For me, this is the first Lunch Money album that sounds like they were shooting for indie rock
radio play. Everything about Spicy Kid
, the songwriting, the production, the performances, exceeds anything they've released thus far, and several of the songs could top the college radio
charts. Definitely one of the best kids' music CDs of 2012.
Hailing from West Columbia, South Carolina, Lunch Money are Molly Ledford (guitar and songwriting), Jay Barry (drums), and J.P. Stephens (bass). Ledford and Barry played together in the indie rock band The Verna Cannon before they formed the equally sparse, but decidedly more upbeat, Lunch Money with Stephens in 2003.
Their first kids' album, Silly Reflection, was released in 2004, and slowly became an underground hit with critics and fans. The band became one of the shining lights on the leading edge of the new kindie rock movement, releasing their sophomore album Dizzy in 2009, and their third CD Original Friend in 2010. With the release of Spicy Kid in 2012 Lunch Money show no signs of letting up.
The Music of Lunch Money's 'Spicy Kid'
kicks off with the shimmering "Gingerbread Man
," possibly the first indie rock song ever written about that classic folk tale character. "Spicy Kid" follows, with buzzing guitars
and rumbling tom toms accompanying a parent proudly describing their independently-thinking youngster. The waltzing, acoustic "You Were a Basket of Flowers" tenderly sees a mom remembering her newborn child and the admiring adults that gazed down on her. The sparse "Translator" describes the frustration of a little kid's inability to tell grownups exactly what they mean, and the helpfulness of a sibling
's translating skills. "Time Out
" shines like a Lush
song, with layers of guitars, insistent bass, sizzling cymbals, and complex lyrics describing a kid having to sit it out for a couple of minutes; this one oughta be on the radio!
More Music from Lunch Money's 'Spicy Kid'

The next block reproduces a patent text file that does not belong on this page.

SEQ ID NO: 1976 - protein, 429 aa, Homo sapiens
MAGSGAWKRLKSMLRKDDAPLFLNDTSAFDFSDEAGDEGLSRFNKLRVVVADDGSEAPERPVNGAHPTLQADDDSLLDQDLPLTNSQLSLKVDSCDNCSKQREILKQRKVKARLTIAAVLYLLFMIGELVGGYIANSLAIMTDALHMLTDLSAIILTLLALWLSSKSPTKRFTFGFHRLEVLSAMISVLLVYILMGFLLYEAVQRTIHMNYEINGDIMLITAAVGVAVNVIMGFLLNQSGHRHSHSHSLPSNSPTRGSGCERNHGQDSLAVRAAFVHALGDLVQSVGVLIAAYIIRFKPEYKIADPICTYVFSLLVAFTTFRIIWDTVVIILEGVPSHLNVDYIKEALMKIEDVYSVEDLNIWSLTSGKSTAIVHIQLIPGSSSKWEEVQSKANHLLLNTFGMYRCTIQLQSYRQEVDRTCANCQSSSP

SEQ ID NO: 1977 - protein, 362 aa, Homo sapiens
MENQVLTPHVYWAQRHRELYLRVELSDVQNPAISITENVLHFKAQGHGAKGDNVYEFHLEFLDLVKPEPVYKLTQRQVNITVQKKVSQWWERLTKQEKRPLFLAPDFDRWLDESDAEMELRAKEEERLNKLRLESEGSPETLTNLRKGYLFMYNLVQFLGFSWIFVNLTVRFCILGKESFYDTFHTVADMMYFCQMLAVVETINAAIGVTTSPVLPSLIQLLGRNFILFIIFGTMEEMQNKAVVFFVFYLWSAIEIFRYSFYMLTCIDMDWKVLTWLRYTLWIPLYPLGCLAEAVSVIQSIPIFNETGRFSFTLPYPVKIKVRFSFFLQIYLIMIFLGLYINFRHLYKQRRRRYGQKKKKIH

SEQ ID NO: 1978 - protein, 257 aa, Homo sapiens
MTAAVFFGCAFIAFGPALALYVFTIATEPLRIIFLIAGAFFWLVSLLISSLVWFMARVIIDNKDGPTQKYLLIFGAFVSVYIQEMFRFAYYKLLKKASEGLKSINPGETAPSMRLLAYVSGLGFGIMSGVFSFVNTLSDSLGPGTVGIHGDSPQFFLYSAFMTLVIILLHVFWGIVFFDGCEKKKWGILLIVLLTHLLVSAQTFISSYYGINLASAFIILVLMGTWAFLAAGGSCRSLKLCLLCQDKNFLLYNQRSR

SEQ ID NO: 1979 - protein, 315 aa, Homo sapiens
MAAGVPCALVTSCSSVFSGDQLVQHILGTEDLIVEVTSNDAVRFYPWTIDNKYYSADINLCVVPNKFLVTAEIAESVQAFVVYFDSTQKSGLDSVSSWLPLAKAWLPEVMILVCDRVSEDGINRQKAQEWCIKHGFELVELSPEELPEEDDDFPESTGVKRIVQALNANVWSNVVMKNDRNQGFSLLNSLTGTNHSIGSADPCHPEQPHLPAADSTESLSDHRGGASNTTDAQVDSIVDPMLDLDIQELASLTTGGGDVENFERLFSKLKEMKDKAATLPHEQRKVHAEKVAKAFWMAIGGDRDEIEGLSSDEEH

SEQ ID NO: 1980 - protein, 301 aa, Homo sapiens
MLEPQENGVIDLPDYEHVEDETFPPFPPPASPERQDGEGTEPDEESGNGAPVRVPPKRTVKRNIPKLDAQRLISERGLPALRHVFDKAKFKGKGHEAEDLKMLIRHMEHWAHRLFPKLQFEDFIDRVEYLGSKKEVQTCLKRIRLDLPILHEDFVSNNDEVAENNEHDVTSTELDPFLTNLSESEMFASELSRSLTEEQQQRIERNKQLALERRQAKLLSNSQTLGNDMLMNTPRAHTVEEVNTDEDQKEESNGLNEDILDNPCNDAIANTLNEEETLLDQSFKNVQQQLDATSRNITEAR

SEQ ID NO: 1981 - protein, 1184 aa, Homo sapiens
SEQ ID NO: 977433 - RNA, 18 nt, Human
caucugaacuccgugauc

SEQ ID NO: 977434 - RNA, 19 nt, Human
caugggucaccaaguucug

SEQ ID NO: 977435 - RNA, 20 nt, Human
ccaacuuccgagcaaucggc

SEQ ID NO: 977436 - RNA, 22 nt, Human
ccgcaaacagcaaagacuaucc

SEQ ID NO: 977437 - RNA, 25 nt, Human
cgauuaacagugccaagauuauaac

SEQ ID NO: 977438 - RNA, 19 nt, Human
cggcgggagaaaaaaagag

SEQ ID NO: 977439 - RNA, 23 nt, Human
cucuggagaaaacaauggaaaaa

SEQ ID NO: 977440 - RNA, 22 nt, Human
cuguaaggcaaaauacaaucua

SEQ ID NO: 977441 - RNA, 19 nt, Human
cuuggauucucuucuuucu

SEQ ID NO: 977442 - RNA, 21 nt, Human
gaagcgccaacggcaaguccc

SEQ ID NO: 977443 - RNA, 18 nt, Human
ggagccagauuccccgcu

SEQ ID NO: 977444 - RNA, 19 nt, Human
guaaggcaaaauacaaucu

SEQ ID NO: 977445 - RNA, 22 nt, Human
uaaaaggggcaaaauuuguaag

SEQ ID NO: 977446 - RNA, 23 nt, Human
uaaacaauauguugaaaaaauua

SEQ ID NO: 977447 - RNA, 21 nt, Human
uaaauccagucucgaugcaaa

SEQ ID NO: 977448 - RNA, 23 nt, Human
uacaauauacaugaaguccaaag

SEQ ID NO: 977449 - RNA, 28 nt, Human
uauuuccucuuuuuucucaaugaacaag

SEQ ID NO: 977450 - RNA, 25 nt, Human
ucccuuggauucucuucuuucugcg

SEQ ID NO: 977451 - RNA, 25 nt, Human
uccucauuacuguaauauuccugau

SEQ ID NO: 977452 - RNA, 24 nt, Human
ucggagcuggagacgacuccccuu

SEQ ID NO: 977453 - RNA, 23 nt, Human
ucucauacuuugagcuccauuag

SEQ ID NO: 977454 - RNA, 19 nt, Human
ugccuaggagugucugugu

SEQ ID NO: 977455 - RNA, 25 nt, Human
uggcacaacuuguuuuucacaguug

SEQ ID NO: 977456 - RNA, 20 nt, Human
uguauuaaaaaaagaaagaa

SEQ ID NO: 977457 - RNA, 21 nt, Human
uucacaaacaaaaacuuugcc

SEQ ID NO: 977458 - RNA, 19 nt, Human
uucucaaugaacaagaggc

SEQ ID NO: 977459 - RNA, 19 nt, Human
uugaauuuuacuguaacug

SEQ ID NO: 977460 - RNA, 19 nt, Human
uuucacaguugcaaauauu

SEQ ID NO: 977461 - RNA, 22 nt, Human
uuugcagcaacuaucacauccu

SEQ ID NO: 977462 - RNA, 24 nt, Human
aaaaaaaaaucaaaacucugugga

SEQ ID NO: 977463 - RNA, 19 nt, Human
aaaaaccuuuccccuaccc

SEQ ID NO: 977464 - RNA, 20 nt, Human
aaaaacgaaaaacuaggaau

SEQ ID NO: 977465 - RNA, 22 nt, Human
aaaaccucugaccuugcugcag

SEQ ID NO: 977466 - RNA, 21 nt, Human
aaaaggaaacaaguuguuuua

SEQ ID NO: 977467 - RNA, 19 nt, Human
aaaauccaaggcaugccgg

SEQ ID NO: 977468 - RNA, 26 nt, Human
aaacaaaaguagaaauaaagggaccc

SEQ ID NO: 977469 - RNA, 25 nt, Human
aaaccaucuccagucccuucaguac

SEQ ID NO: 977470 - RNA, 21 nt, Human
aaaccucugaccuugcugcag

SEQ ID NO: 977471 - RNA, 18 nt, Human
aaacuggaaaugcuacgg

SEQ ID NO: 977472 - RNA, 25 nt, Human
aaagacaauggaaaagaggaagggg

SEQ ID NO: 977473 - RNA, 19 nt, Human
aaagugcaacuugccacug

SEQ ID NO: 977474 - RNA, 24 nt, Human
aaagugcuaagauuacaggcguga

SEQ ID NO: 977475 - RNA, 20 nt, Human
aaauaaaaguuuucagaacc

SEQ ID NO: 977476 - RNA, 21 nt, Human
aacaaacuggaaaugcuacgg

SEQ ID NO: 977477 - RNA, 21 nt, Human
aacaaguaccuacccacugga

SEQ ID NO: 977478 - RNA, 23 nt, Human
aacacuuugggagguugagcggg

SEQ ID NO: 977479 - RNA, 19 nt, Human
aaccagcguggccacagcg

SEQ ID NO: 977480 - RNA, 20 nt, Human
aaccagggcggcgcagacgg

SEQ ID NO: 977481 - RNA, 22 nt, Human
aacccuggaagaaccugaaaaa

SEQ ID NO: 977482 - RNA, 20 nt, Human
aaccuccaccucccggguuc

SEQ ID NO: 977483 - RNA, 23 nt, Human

A child is suddenly "Awake" in the middle of the night, and slowly, quietly, and knowingly makes her way through her house checking on the rest of her family. She later goes on a "A Walk in the Rain" with a good friend as they observe suburban wildlife
during a drizzle, the music quietly shimmering all the while. The vaudeville
-like "S.P.E.L.L." tries to explain to grownups that when they spell out words in front of kids, little ones pretty much know what's up. "Puzzle Pieces Within" lopes along chunkily and encourages us to think about our unique qualities that we inherited from parents, grandparents
, uncles and aunts, and so on. Spicy Kid
comes to a close with a driving parent asking their back seat child "What Will You Ever See" if they fall asleep on the trip, reminding them, in a bigger picture sort of way, to slow down and take in the details of life that we might otherwise miss as we hurry along.
Spicy Kid is arguably Lunch Money's best album yet, which says great things about the band when it's the fourth CD into their discography. It seems the band's songwriting and performances are only geting better, and, although Spicy Kid was just released, it'll be hard to wait until the next album. Lunch Money's Spicy Kid is definitely one of the best kids' music CDs of 2012. And if you rush on over to the official Lunch Money website, you can listen to a streaming version of Spicy Kid in its entirety!
Released June 26, 2012; Squirrel Mechanic Records
- "Gingerbread Man"
- "Spicy Kid"
- "You Were a Basket of Flowers"
- "Time Out"
- "A Walk in the Rain"
- "Puzzle Pieces Within"
- "What Will You Ever See"